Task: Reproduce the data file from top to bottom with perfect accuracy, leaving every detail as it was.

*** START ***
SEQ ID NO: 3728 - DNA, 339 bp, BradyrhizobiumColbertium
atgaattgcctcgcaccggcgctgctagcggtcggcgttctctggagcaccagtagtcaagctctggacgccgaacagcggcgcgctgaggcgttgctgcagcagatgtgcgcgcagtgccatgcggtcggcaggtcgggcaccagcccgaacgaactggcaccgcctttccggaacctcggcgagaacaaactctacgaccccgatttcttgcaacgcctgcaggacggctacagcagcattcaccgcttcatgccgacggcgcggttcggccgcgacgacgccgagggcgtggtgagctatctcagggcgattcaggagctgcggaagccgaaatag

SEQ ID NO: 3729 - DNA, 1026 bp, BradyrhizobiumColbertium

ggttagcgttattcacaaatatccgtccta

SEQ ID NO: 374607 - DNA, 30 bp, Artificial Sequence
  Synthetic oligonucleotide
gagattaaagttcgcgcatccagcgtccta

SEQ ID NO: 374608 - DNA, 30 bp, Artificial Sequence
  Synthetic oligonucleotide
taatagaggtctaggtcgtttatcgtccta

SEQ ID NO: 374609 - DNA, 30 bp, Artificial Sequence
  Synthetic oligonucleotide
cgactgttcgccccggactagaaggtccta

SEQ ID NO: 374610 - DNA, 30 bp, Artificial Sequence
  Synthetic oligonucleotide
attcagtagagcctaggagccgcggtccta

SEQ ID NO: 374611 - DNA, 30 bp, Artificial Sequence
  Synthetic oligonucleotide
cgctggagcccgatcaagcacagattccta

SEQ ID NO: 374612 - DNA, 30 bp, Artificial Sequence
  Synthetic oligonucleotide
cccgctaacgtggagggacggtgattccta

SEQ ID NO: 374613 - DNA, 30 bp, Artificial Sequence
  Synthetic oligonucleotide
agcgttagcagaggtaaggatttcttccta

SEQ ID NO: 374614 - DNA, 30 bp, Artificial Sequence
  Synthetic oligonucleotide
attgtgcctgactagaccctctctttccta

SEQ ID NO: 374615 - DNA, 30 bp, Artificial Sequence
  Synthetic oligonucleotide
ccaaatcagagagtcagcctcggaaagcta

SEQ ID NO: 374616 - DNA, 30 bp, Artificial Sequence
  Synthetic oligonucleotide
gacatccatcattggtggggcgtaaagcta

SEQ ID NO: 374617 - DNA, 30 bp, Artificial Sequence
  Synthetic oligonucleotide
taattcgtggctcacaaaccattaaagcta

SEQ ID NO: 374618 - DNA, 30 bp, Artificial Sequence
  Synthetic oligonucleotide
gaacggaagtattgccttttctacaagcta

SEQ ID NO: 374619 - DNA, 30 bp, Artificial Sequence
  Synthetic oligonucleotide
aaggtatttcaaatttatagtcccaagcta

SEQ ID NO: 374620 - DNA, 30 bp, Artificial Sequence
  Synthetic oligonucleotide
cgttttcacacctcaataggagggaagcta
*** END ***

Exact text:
SEQ ID NO: 3728 - DNA, 339 bp, BradyrhizobiumColbertium
atgaattgcctcgcaccggcgctgctagcggtcggcgttctctggagcaccagtagtcaagctctggacgccgaacagcggcgcgctgaggcgttgctgcagcagatgtgcgcgcagtgccatgcggtcggcaggtcgggcaccagcccgaacgaactggcaccgcctttccggaacctcggcgagaacaaactctacgaccccgatttcttgcaacgcctgcaggacggctacagcagcattcaccgcttcatgccgacggcgcggttcggccgcgacgacgccgagggcgtggtgagctatctcagggcgattcaggagctgcggaagccgaaatag

SEQ ID NO: 3729 - DNA, 1026 bp, BradyrhizobiumColbertium

ggttagcgttattcacaaatatccgtccta

SEQ ID NO: 374607 - DNA, 30 bp, Artificial Sequence
  Synthetic oligonucleotide
gagattaaagttcgcgcatccagcgtccta

SEQ ID NO: 374608 - DNA, 30 bp, Artificial Sequence
  Synthetic oligonucleotide
taatagaggtctaggtcgtttatcgtccta

SEQ ID NO: 374609 - DNA, 30 bp, Artificial Sequence
  Synthetic oligonucleotide
cgactgttcgccccggactagaaggtccta

SEQ ID NO: 374610 - DNA, 30 bp, Artificial Sequence
  Synthetic oligonucleotide
attcagtagagcctaggagccgcggtccta

SEQ ID NO: 374611 - DNA, 30 bp, Artificial Sequence
  Synthetic oligonucleotide
cgctggagcccgatcaagcacagattccta

SEQ ID NO: 374612 - DNA, 30 bp, Artificial Sequence
  Synthetic oligonucleotide
cccgctaacgtggagggacggtgattccta

SEQ ID NO: 374613 - DNA, 30 bp, Artificial Sequence
  Synthetic oligonucleotide
agcgttagcagaggtaaggatttcttccta

SEQ ID NO: 374614 - DNA, 30 bp, Artificial Sequence
  Synthetic oligonucleotide
attgtgcctgactagaccctctctttccta

SEQ ID NO: 374615 - DNA, 30 bp, Artificial Sequence
  Synthetic oligonucleotide
ccaaatcagagagtcagcctcggaaagcta

SEQ ID NO: 374616 - DNA, 30 bp, Artificial Sequence
  Synthetic oligonucleotide
gacatccatcattggtggggcgtaaagcta

SEQ ID NO: 374617 - DNA, 30 bp, Artificial Sequence
  Synthetic oligonucleotide
taattcgtggctcacaaaccattaaagcta

SEQ ID NO: 374618 - DNA, 30 bp, Artificial Sequence
  Synthetic oligonucleotide
gaacggaagtattgccttttctacaagcta

SEQ ID NO: 374619 - DNA, 30 bp, Artificial Sequence
  Synthetic oligonucleotide
aaggtatttcaaatttatagtcccaagcta

SEQ ID NO: 374620 - DNA, 30 bp, Artificial Sequence
  Synthetic oligonucleotide
cgttttcacacctcaataggagggaagcta